Forty years ago this week, the world watched together as mankind landed on the surface of the moon for the first time. And for my own family, and of course millions of others, it was the voice of Walter Cronkite who led us there. As a kid, naturally, I was excited. My father had kept meticulous scrapbooks of all the space program events, and had even taken us on a family vacation to visit (then) Cape Kennedy. I remember watching my father shed tears of disbelief as Cronkite told us that the Eagle had landed. It seemed that a new world of possibilities was opening right before our eyes.
In A Reporter’s Life, Cronkite himself summed it up rather well. “That first landing on the moon was, indeed, the most extraordinary story of our time and almost as remarkable a feat for television as the space flight itself. To see Neil Armstrong, 240,000 miles out there, as he took that giant step for mankind onto the moon’s surface, was a thrill beyond all the other thrills of that flight. All those thrills tumbled over each other so quickly that the goose pimples from one merged into the goose pimples from the next.” (The library also stocks an audiobook version of A Reporter’s Life (read by the author), and lots more.)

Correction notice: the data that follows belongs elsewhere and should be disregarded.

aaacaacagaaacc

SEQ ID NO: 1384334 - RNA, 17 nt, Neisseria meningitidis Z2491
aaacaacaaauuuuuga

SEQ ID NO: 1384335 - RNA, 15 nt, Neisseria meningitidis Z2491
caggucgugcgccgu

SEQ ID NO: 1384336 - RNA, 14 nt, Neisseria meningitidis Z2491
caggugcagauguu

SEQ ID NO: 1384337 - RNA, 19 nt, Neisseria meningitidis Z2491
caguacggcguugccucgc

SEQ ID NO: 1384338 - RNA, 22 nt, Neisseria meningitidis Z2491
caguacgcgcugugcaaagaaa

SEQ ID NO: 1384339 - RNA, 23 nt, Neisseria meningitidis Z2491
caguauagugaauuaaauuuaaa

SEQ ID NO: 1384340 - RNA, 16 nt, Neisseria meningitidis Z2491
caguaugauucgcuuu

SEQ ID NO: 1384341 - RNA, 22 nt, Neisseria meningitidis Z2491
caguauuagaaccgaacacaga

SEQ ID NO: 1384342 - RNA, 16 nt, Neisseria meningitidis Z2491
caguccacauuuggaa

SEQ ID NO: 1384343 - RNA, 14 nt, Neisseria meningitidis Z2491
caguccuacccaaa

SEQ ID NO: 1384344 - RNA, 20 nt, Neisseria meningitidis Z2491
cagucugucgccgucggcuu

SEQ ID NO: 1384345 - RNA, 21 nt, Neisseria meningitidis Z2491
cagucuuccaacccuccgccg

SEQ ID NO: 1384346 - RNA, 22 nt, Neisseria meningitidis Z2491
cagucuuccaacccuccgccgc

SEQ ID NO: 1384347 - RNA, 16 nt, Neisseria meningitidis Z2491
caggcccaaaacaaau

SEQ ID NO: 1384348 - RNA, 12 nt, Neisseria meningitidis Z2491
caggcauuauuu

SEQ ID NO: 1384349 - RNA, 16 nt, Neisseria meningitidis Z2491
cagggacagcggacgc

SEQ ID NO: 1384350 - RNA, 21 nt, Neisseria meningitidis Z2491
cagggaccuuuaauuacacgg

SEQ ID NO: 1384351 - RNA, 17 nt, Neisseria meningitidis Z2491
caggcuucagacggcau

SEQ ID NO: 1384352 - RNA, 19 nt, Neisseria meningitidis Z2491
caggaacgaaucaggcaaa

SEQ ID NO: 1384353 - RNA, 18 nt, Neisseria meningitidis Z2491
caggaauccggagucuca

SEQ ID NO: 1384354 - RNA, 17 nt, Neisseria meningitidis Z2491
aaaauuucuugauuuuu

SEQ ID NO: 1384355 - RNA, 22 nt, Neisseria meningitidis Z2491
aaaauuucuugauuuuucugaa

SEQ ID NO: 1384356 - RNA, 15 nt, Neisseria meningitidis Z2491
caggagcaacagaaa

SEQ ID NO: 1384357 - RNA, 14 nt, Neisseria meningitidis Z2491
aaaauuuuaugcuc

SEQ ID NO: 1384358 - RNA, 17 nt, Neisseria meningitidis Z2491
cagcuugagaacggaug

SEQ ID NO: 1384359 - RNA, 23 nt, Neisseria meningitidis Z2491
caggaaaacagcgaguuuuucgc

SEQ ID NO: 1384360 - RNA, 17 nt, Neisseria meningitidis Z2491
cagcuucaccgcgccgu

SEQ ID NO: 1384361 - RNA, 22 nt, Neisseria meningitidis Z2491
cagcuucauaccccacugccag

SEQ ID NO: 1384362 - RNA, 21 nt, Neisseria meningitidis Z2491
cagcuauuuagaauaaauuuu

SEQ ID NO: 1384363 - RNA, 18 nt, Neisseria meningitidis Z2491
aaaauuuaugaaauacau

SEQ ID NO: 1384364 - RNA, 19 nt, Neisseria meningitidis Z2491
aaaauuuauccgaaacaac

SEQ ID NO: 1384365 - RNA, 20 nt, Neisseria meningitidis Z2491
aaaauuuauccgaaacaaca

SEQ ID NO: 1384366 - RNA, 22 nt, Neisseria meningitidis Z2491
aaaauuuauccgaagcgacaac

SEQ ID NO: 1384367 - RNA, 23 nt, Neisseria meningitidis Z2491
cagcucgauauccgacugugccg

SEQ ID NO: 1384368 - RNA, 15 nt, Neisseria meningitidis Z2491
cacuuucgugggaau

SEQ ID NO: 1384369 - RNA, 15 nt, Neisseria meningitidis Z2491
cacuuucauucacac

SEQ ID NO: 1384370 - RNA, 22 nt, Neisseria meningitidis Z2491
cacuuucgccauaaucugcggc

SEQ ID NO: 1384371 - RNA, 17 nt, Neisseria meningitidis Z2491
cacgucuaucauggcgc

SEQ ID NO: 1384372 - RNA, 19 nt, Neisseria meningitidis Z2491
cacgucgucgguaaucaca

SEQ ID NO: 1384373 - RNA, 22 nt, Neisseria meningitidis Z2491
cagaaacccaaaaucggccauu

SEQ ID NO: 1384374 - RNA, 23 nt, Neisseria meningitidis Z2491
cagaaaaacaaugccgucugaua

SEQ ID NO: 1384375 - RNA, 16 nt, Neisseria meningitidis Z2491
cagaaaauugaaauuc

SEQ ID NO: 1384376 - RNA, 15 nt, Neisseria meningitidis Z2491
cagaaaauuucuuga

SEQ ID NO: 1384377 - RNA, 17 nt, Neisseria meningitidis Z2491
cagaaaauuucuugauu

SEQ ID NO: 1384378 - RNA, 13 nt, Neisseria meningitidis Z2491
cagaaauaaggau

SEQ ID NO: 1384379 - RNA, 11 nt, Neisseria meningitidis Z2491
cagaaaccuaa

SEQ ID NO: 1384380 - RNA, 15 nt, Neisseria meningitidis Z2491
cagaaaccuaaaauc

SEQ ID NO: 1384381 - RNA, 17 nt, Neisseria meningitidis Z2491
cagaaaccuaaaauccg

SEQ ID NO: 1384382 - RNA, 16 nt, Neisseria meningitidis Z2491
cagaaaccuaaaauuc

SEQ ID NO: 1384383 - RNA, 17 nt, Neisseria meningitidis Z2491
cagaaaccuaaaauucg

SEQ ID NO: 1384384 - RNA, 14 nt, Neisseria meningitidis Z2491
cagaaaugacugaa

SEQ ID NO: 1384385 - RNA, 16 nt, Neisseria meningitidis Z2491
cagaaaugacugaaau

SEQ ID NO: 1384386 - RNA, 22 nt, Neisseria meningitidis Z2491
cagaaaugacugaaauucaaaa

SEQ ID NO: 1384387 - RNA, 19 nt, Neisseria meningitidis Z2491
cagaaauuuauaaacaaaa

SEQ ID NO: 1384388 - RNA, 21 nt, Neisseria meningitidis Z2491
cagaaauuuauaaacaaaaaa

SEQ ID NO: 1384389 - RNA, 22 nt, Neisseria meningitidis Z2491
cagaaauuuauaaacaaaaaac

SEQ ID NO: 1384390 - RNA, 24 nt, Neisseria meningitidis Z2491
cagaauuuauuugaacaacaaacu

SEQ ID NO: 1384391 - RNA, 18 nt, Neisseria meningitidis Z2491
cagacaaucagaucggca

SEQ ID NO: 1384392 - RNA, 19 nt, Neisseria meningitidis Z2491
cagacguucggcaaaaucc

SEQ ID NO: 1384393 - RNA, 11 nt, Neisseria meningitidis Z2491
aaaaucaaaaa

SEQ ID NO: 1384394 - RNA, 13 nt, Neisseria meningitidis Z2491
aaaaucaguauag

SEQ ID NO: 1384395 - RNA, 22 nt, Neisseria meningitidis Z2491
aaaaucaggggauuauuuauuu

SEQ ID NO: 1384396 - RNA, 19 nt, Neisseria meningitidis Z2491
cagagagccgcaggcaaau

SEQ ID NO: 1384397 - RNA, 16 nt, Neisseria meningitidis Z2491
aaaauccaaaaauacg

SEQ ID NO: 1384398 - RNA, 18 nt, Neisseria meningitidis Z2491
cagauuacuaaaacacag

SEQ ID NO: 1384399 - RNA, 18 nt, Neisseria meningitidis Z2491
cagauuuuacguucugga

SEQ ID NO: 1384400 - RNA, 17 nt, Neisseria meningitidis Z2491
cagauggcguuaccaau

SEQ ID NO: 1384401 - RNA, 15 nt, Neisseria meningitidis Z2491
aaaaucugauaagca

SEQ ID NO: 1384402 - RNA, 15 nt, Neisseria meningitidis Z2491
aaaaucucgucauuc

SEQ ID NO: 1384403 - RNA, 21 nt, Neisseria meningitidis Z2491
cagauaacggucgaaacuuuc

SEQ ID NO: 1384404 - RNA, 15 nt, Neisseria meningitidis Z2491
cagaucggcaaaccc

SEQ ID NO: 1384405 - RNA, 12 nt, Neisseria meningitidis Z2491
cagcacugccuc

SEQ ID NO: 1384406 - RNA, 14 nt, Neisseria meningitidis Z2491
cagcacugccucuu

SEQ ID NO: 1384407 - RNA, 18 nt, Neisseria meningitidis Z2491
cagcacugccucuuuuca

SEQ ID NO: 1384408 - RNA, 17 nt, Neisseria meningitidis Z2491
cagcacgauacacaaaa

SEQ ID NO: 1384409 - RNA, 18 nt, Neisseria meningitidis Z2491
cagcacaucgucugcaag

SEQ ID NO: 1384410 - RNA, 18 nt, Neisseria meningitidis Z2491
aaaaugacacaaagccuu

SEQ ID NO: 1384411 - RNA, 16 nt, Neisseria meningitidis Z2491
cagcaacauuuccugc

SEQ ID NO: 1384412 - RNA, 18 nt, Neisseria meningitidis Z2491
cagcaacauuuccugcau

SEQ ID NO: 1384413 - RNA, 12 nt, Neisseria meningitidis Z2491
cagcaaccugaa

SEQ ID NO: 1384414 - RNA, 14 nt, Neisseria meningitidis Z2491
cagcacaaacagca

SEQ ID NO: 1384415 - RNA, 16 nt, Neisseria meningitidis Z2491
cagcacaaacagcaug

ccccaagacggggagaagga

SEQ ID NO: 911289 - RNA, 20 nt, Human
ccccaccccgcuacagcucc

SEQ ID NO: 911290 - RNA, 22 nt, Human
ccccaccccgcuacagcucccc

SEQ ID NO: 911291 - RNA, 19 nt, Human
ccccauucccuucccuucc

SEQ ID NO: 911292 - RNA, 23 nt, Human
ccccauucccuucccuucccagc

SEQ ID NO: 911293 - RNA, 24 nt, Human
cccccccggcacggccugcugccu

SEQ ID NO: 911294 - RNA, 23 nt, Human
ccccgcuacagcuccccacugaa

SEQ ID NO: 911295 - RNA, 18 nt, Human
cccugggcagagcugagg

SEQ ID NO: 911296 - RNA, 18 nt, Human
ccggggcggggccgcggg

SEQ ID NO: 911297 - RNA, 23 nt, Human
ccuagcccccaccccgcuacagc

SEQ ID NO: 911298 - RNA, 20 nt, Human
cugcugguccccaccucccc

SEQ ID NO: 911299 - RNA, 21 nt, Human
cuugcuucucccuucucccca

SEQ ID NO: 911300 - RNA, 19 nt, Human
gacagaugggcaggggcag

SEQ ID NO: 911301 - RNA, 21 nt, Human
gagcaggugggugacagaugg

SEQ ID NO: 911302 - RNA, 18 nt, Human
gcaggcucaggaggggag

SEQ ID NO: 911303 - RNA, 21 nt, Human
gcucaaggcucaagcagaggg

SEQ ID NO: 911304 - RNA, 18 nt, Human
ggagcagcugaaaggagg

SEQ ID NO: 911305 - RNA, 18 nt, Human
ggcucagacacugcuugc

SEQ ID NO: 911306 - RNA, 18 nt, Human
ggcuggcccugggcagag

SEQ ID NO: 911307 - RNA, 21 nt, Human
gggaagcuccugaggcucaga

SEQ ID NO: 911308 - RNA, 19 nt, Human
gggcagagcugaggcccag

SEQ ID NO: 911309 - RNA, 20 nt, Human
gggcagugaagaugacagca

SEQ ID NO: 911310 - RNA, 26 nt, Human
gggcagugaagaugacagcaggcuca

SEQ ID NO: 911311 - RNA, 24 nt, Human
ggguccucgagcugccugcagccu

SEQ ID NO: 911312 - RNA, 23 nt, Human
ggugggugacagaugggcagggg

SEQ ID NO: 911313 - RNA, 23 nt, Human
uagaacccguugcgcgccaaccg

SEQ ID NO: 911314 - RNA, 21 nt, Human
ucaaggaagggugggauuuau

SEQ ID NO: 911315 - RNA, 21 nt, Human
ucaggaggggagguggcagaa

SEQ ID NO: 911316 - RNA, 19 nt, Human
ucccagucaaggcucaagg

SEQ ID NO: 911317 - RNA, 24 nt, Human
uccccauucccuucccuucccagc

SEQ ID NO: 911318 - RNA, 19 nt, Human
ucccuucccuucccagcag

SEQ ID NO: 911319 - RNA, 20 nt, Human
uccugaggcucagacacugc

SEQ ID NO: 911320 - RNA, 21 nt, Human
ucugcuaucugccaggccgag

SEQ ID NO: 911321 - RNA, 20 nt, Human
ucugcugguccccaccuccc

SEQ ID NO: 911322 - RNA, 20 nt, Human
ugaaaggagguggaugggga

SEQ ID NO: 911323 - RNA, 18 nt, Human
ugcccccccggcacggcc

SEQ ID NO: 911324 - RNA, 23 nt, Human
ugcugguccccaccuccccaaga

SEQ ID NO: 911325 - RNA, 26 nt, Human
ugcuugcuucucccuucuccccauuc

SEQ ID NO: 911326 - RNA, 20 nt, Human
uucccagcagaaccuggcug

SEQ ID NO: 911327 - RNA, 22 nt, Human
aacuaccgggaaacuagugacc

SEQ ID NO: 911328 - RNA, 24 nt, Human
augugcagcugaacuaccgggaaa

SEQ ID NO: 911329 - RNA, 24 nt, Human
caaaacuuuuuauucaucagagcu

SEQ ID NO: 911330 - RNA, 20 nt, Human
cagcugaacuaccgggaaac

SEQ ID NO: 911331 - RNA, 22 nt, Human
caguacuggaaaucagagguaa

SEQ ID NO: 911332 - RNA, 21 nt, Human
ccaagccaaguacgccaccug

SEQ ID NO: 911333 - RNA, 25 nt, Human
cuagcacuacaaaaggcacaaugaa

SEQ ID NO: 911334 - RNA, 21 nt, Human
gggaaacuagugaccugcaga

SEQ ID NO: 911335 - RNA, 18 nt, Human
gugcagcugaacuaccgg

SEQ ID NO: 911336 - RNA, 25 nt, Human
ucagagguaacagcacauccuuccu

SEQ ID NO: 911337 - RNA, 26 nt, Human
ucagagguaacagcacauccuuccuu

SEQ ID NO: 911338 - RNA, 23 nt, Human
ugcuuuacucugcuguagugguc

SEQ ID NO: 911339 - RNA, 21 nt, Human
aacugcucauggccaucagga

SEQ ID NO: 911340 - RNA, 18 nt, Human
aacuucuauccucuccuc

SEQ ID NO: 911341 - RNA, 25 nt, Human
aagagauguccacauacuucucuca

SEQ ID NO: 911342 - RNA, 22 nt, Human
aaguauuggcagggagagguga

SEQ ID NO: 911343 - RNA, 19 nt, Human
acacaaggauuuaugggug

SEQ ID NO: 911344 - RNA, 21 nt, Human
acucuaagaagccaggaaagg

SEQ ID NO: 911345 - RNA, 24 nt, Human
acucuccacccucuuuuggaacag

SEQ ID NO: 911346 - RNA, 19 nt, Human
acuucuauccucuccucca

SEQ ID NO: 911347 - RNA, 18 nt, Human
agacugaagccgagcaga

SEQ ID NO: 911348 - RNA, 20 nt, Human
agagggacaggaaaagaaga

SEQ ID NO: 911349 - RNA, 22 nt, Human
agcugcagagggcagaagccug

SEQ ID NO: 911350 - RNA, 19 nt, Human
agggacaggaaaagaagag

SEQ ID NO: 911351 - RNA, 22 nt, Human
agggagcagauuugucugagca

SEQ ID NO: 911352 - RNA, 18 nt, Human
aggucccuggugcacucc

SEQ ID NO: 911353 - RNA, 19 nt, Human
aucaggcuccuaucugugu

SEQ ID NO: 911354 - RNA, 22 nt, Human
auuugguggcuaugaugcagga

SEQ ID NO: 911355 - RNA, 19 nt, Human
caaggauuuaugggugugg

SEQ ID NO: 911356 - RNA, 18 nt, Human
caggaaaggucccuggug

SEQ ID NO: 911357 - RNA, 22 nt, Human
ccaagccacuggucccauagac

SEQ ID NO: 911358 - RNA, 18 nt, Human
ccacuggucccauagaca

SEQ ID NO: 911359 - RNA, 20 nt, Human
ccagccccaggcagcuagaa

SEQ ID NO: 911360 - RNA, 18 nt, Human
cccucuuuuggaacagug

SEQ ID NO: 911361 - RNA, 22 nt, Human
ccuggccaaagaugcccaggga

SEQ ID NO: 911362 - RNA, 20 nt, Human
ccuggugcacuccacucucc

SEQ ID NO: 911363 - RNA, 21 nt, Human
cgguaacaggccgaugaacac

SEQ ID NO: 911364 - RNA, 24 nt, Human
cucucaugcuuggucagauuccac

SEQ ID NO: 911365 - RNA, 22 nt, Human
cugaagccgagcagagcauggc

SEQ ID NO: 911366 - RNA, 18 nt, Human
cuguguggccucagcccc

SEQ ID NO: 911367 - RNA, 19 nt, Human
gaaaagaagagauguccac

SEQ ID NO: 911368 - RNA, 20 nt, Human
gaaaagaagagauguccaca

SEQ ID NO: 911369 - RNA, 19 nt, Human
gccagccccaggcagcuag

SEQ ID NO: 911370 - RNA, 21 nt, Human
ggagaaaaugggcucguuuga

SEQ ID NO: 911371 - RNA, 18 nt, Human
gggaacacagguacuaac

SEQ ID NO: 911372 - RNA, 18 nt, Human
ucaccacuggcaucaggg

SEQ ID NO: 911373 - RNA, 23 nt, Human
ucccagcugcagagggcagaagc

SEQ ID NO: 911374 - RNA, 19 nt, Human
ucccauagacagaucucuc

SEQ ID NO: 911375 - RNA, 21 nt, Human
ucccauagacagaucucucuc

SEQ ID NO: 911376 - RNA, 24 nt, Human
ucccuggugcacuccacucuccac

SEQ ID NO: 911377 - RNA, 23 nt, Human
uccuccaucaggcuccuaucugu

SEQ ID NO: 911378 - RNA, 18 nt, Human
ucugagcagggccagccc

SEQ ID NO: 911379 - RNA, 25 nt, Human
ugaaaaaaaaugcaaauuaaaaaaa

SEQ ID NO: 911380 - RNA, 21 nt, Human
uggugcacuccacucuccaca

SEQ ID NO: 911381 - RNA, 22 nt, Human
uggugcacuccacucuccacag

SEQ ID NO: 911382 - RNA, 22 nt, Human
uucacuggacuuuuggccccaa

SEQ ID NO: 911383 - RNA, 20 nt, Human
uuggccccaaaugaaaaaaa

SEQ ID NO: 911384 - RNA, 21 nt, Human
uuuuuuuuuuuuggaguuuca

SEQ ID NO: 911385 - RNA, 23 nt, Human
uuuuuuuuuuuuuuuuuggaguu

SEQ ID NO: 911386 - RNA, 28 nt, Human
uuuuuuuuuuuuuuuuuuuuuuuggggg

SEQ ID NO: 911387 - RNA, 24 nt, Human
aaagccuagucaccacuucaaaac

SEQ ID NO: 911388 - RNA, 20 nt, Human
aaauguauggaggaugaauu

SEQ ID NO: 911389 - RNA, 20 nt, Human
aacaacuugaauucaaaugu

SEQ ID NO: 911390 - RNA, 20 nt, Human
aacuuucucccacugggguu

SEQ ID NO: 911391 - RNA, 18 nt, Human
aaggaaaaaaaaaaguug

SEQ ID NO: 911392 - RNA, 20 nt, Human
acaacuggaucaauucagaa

And as we look back on our first explorations into other worlds, it seems ironic that the very person who took us on that amazing journey and would have perhaps celebrated this anniversary as enthusiastically as anyone, has himself left this world for another.
Plenty has (and will be written) about Cronkite’s professionalism and the personal-ism he brought to his craft. Indeed, television journalism as we know it might have been very different were it not for his pioneering leadership. In a CBS News Saturday Early Show tribute this morning, many of his colleagues remarked that Cronkite insisted the evening news program he first pioneered was to be about accurate reporting rather than celebrity entertainment.
But for me as a kid growing up in rural America and watching the news each evening to see what the rest of the world was doing, it was Cronkite’s enthusiastic optimism that I remember and treasure most. Indeed, there was plenty to be worried (even scared) about during the sixties and seventies, but for me at least, Cronkite’s positive outlook guided our family through it (and even attempted to make sense of it) all.
One of my personal favorites was the Emmy award-winning CBS series The 21st Century (1967-70). In a weekly news magazine format, Walter brought us stories about fascinating inventions and new developments, and provided us with an optimistic glimpse of what the world might look like in what then seemed like the quite distant future. Today, that seemingly distant future is here and many of those fascinating ideas are indeed a reality.
“And that’s the way it is…”
A Reporter's Life